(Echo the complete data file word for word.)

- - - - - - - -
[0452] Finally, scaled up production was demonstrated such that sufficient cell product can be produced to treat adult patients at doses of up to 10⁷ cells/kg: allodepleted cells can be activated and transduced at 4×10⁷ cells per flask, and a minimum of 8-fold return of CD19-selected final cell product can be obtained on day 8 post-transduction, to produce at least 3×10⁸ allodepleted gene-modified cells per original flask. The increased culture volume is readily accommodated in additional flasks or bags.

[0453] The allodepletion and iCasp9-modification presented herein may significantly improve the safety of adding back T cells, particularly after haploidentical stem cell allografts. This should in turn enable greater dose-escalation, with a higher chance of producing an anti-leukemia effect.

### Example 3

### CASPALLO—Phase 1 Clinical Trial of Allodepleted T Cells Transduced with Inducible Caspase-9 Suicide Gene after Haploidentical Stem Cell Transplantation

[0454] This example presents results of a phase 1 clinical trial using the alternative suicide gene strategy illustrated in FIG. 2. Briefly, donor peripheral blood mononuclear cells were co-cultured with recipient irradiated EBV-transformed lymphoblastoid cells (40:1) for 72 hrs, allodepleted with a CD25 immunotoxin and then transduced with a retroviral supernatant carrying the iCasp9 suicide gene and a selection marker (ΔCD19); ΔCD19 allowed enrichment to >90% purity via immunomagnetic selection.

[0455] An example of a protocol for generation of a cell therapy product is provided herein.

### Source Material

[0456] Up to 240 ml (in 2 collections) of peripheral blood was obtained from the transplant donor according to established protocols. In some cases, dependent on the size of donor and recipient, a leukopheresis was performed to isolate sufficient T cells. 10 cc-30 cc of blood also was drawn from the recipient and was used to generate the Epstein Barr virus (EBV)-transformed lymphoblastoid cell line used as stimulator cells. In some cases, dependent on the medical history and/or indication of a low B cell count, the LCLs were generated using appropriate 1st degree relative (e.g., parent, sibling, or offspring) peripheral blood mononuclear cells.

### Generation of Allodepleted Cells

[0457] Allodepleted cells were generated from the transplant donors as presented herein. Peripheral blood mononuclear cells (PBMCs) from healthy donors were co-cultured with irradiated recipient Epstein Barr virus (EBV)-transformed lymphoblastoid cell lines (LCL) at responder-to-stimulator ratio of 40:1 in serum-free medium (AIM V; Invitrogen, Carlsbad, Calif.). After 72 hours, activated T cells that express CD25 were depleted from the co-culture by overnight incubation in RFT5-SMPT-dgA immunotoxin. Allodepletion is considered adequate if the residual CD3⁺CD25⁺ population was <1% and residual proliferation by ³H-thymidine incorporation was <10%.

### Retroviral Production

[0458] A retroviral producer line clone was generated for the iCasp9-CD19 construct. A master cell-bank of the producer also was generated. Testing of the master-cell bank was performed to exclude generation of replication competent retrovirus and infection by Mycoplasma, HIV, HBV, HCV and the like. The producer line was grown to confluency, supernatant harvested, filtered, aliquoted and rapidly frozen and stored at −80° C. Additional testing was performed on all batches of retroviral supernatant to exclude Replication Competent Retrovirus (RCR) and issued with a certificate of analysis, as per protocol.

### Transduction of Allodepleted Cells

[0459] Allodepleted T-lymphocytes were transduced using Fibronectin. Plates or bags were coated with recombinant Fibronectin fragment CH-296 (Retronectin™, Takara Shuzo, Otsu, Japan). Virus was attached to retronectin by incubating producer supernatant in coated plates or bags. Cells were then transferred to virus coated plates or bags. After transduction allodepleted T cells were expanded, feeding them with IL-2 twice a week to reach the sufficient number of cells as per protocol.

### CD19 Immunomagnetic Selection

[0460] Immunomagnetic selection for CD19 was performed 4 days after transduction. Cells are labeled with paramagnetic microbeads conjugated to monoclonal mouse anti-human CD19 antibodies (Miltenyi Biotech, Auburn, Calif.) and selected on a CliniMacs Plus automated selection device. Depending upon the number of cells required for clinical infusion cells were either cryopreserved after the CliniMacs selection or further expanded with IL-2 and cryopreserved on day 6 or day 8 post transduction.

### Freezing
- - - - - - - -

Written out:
[0452] Finally, scaled up production was demonstrated such that sufficient cell product can be produced to treat adult patients at doses of up to 10⁷ cells/kg: allodepleted cells can be activated and transduced at 4×10⁷ cells per flask, and a minimum of 8-fold return of CD19-selected final cell product can be obtained on day 8 post-transduction, to produce at least 3×10⁸ allodepleted gene-modified cells per original flask. The increased culture volume is readily accommodated in additional flasks or bags.

[0453] The allodepletion and iCasp9-modification presented herein may significantly improve the safety of adding back T cells, particularly after haploidentical stem cell allografts. This should in turn enable greater dose-escalation, with a higher chance of producing an anti-leukemia effect.

### Example 3

### CASPALLO—Phase 1 Clinical Trial of Allodepleted T Cells Transduced with Inducible Caspase-9 Suicide Gene after Haploidentical Stem Cell Transplantation

[0454] This example presents results of a phase 1 clinical trial using the alternative suicide gene strategy illustrated in FIG. 2. Briefly, donor peripheral blood mononuclear cells were co-cultured with recipient irradiated EBV-transformed lymphoblastoid cells (40:1) for 72 hrs, allodepleted with a CD25 immunotoxin and then transduced with a retroviral supernatant carrying the iCasp9 suicide gene and a selection marker (ΔCD19); ΔCD19 allowed enrichment to >90% purity via immunomagnetic selection.

[0455] An example of a protocol for generation of a cell therapy product is provided herein.

### Source Material

[0456] Up to 240 ml (in 2 collections) of peripheral blood was obtained from the transplant donor according to established protocols. In some cases, dependent on the size of donor and recipient, a leukopheresis was performed to isolate sufficient T cells. 10 cc-30 cc of blood also was drawn from the recipient and was used to generate the Epstein Barr virus (EBV)-transformed lymphoblastoid cell line used as stimulator cells. In some cases, dependent on the medical history and/or indication of a low B cell count, the LCLs were generated using appropriate 1st degree relative (e.g., parent, sibling, or offspring) peripheral blood mononuclear cells.

### Generation of Allodepleted Cells

[0457] Allodepleted cells were generated from the transplant donors as presented herein. Peripheral blood mononuclear cells (PBMCs) from healthy donors were co-cultured with irradiated recipient Epstein Barr virus (EBV)-transformed lymphoblastoid cell lines (LCL) at responder-to-stimulator ratio of 40:1 in serum-free medium (AIM V; Invitrogen, Carlsbad, Calif.). After 72 hours, activated T cells that express CD25 were depleted from the co-culture by overnight incubation in RFT5-SMPT-dgA immunotoxin. Allodepletion is considered adequate if the residual CD3⁺CD25⁺ population was <1% and residual proliferation by ³H-thymidine incorporation was <10%.

### Retroviral Production

[0458] A retroviral producer line clone was generated for the iCasp9-CD19 construct. A master cell-bank of the producer also was generated. Testing of the master-cell bank was performed to exclude generation of replication competent retrovirus and infection by Mycoplasma, HIV, HBV, HCV and the like. The producer line was grown to confluency, supernatant harvested, filtered, aliquoted and rapidly frozen and stored at −80° C. Additional testing was performed on all batches of retroviral supernatant to exclude Replication Competent Retrovirus (RCR) and issued with a certificate of analysis, as per protocol.

### Transduction of Allodepleted Cells

[0459] Allodepleted T-lymphocytes were transduced using Fibronectin. Plates or bags were coated with recombinant Fibronectin fragment CH-296 (Retronectin™, Takara Shuzo, Otsu, Japan). Virus was attached to retronectin by incubating producer supernatant in coated plates or bags. Cells were then transferred to virus coated plates or bags. After transduction allodepleted T cells were expanded, feeding them with IL-2 twice a week to reach the sufficient number of cells as per protocol.

### CD19 Immunomagnetic Selection

[0460] Immunomagnetic selection for CD19 was performed 4 days after transduction. Cells are labeled with paramagnetic microbeads conjugated to monoclonal mouse anti-human CD19 antibodies (Miltenyi Biotech, Auburn, Calif.) and selected on a CliniMacs Plus automated selection device. Depending upon the number of cells required for clinical infusion cells were either cryopreserved after the CliniMacs selection or further expanded with IL-2 and cryopreserved on day 6 or day 8 post transduction.

### Freezing